" But do some trying for yourself, thus:—
" Put a dry battery (or an accumulator) of not less than 8 volts, in circuit. You know how to do this, I suppose—by means of the alternative binding post on dash, opposite the magneto binding post."
(Accompanying illustration, which I did not send my correspondent, shows how the battery (or accumulator) is put in circuit. A .12 volt. battery (or accumulator) is even better than an 8 volt article, though the latter is good enough.)
" Then see if the engine will start readily on battery current. (Be sure to retard ignition fully before turning the starting handle, or you may get a nasty back-fire.)
" If it will start readily on battery current, your trouble-is not with the timer, but with magneto, or with gummed transmission preeenting your turning the shaft over fast enough to get a proper magneto current.
" If it will not start readily On battery, your trouble is probably with the timer.. • " See, first, if you can get an easy start by flushing out the timer overnight with paraffin or petrol, and then starting in the morning with a dry (unlubricated) timer. Lubricate it, of' course, directly you have. got the engine firing properly. Often, gummed oil in the timer will prevent an easystart in cold weather, particularly if a thickish oil has been used for lubricating the timer, and especially, too, if the timer contacts or brush are worn, -or the roller (brush). spring is weak. "If you have no success with .the dry timer, examine contacts in timer eta-vier, to see if they are badly worn. If worn, replace cover with a new one.
"If not worn, replace (or shorten) the spring that pulls on the brush (or roller) arm. "Examine the brush and its arm, to make sure that they are in good condition generally—that these. is no such wear as sets up much 'lost motion or slackness. Excessive wear here would have just the effect you describe. Replacement is, of course, the remedy.
" If the engine starts well on battery, the trouble lies with the, magneto, or in gumming up Of the clutch and transmission preventing your getting proper spin on the engine. (You will know if the shaft is very hard to turn when cold.) Your magnets may be weak, or theremay be shorts in the stator coils, or the flywheel may be loese. I do not think these troubles are likely to exist—particularly if the truck is anything like new. In any case, you could hardly deal with these troubles yourself. It is a job for the expert to find them out and eet them right.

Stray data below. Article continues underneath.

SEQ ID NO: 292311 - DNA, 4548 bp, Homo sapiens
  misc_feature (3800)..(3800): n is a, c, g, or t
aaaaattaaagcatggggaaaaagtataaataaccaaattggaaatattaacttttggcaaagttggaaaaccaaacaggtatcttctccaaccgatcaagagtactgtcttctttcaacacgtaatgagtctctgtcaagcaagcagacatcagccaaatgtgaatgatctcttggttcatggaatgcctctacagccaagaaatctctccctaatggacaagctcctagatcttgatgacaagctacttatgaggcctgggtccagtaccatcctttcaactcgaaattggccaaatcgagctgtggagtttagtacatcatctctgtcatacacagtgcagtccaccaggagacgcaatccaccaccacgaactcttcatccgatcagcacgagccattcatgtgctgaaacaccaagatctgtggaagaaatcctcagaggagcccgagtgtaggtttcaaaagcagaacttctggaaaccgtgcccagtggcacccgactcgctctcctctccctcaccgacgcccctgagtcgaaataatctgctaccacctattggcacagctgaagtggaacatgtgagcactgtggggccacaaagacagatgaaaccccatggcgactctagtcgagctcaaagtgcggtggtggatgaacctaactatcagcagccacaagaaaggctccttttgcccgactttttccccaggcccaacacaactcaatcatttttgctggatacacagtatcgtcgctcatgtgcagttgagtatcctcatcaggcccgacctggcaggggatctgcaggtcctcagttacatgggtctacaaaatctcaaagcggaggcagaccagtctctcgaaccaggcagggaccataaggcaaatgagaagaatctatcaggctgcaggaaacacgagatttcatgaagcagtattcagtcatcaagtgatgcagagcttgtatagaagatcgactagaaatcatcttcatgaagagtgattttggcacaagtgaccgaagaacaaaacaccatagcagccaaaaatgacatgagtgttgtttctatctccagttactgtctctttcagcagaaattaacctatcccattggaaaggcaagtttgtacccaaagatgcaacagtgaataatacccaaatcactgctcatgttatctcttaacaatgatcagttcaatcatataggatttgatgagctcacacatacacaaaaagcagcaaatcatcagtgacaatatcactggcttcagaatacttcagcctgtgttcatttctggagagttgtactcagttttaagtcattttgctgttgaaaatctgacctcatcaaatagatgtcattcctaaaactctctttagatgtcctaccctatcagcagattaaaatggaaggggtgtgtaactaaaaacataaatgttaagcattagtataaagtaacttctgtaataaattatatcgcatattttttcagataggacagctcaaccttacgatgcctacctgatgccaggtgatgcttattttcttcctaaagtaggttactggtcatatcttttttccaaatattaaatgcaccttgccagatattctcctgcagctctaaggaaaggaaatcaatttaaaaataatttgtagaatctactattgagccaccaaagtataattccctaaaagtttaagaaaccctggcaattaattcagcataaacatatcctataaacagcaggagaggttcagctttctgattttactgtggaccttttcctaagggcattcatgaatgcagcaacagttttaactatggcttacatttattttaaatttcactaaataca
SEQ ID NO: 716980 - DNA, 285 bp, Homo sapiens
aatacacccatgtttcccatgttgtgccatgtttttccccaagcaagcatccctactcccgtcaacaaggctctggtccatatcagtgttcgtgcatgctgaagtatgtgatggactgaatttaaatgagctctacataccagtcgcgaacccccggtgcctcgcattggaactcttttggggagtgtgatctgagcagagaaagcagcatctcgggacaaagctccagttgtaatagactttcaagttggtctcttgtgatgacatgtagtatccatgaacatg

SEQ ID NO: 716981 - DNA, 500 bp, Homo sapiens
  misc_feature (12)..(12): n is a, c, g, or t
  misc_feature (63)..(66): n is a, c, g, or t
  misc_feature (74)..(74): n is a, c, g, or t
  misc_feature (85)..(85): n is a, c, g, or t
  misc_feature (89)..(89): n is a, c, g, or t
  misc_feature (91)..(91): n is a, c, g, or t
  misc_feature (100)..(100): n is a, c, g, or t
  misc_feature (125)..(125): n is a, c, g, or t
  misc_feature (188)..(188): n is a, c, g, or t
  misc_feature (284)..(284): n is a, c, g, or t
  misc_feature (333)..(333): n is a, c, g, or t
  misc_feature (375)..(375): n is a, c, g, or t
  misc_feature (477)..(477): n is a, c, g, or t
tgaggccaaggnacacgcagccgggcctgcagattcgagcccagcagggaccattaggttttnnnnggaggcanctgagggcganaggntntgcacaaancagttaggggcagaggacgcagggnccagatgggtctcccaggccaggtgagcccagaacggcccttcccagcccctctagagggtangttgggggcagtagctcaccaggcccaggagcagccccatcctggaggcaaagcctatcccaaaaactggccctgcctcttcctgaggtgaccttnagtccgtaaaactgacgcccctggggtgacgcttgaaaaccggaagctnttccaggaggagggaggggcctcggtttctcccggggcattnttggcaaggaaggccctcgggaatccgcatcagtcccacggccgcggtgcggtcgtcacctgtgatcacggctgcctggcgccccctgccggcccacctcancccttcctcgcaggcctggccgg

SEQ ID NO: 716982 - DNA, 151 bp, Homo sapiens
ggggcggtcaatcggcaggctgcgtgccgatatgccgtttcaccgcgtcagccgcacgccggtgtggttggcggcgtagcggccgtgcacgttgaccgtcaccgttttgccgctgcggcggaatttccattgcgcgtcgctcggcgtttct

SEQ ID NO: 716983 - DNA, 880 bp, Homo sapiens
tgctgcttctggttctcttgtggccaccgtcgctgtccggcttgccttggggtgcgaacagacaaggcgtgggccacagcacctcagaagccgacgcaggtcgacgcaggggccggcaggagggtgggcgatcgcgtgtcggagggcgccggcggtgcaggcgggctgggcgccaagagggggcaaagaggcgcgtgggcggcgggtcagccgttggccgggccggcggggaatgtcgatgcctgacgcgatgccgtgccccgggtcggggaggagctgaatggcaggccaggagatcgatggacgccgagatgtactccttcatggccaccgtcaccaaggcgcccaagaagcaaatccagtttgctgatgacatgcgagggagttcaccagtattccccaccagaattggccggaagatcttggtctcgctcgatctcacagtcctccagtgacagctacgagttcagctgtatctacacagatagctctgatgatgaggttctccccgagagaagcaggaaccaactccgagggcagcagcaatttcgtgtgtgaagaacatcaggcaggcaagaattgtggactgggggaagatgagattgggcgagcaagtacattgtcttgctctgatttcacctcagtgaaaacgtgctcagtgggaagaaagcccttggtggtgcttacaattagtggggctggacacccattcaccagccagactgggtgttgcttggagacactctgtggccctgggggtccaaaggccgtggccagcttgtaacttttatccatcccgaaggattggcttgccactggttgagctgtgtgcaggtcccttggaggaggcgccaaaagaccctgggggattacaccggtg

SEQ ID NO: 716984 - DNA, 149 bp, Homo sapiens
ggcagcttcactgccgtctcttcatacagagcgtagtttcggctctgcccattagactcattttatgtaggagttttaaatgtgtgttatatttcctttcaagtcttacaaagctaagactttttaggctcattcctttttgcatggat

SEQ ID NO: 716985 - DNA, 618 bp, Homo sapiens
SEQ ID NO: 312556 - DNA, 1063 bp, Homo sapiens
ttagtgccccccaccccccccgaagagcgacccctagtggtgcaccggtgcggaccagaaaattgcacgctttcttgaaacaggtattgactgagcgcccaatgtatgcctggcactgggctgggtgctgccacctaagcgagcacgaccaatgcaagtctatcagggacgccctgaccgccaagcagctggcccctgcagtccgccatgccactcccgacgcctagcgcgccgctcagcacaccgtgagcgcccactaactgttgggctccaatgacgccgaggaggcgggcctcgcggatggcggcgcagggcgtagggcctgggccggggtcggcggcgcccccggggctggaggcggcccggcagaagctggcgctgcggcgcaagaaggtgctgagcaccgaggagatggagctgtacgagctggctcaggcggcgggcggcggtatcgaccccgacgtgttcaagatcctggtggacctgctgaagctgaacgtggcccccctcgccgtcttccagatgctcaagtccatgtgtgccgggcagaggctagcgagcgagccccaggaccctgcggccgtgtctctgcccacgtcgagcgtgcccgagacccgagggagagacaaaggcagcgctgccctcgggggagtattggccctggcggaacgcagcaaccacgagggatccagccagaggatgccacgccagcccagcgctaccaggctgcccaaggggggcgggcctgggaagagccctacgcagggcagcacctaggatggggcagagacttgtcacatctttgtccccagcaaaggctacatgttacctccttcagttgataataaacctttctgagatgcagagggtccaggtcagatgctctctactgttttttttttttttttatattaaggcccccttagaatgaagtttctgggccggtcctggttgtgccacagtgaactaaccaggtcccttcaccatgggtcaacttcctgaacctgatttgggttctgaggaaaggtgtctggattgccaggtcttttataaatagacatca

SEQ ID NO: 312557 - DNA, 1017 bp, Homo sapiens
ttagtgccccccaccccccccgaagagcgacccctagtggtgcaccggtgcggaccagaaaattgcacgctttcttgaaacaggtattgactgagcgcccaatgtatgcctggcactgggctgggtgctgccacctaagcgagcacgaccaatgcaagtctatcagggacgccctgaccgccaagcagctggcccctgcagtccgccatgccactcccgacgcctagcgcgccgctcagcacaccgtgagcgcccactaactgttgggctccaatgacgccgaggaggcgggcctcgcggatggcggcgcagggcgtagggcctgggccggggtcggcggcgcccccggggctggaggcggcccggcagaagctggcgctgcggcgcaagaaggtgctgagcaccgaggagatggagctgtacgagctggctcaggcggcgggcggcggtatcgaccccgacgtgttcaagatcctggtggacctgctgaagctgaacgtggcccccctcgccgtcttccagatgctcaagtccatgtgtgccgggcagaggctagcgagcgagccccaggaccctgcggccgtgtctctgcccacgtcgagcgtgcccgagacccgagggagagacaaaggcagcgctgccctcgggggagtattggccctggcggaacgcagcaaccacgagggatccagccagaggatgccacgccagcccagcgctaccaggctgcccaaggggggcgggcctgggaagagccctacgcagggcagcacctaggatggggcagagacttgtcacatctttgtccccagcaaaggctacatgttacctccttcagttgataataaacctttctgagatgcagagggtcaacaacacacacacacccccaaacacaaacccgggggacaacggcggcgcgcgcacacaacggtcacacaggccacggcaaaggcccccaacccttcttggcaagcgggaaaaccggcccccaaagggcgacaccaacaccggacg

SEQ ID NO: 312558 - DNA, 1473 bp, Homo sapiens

"I have assumed that it is a, case of faulty ignition, not of faulty carburation, because you get no appreciable high-tension current at the plugs. You certainly ought to get pretty bad shocks if you hold the plugs as described." But any inveetigater who checks his high-tension circuit by holding the plugs must be a brave man! I would not have done it tor untold gold!)
"Note.-1f you get a good buzz at the coil on battery (or accumulator) current euery time the timer roller or brush makes contact, you may assume that the timer is in good condition, and that the lowtension circuit generally is in order—except for that part of it which concerns the magneto only.
" The battery (or accumulator) test is the best possible cheek in a ease like yours."
I wish " Worried Driver" success in-investigation on the lines laid down. If he drives as intelligently as he states his problem, he is the right kind of man to have on the read.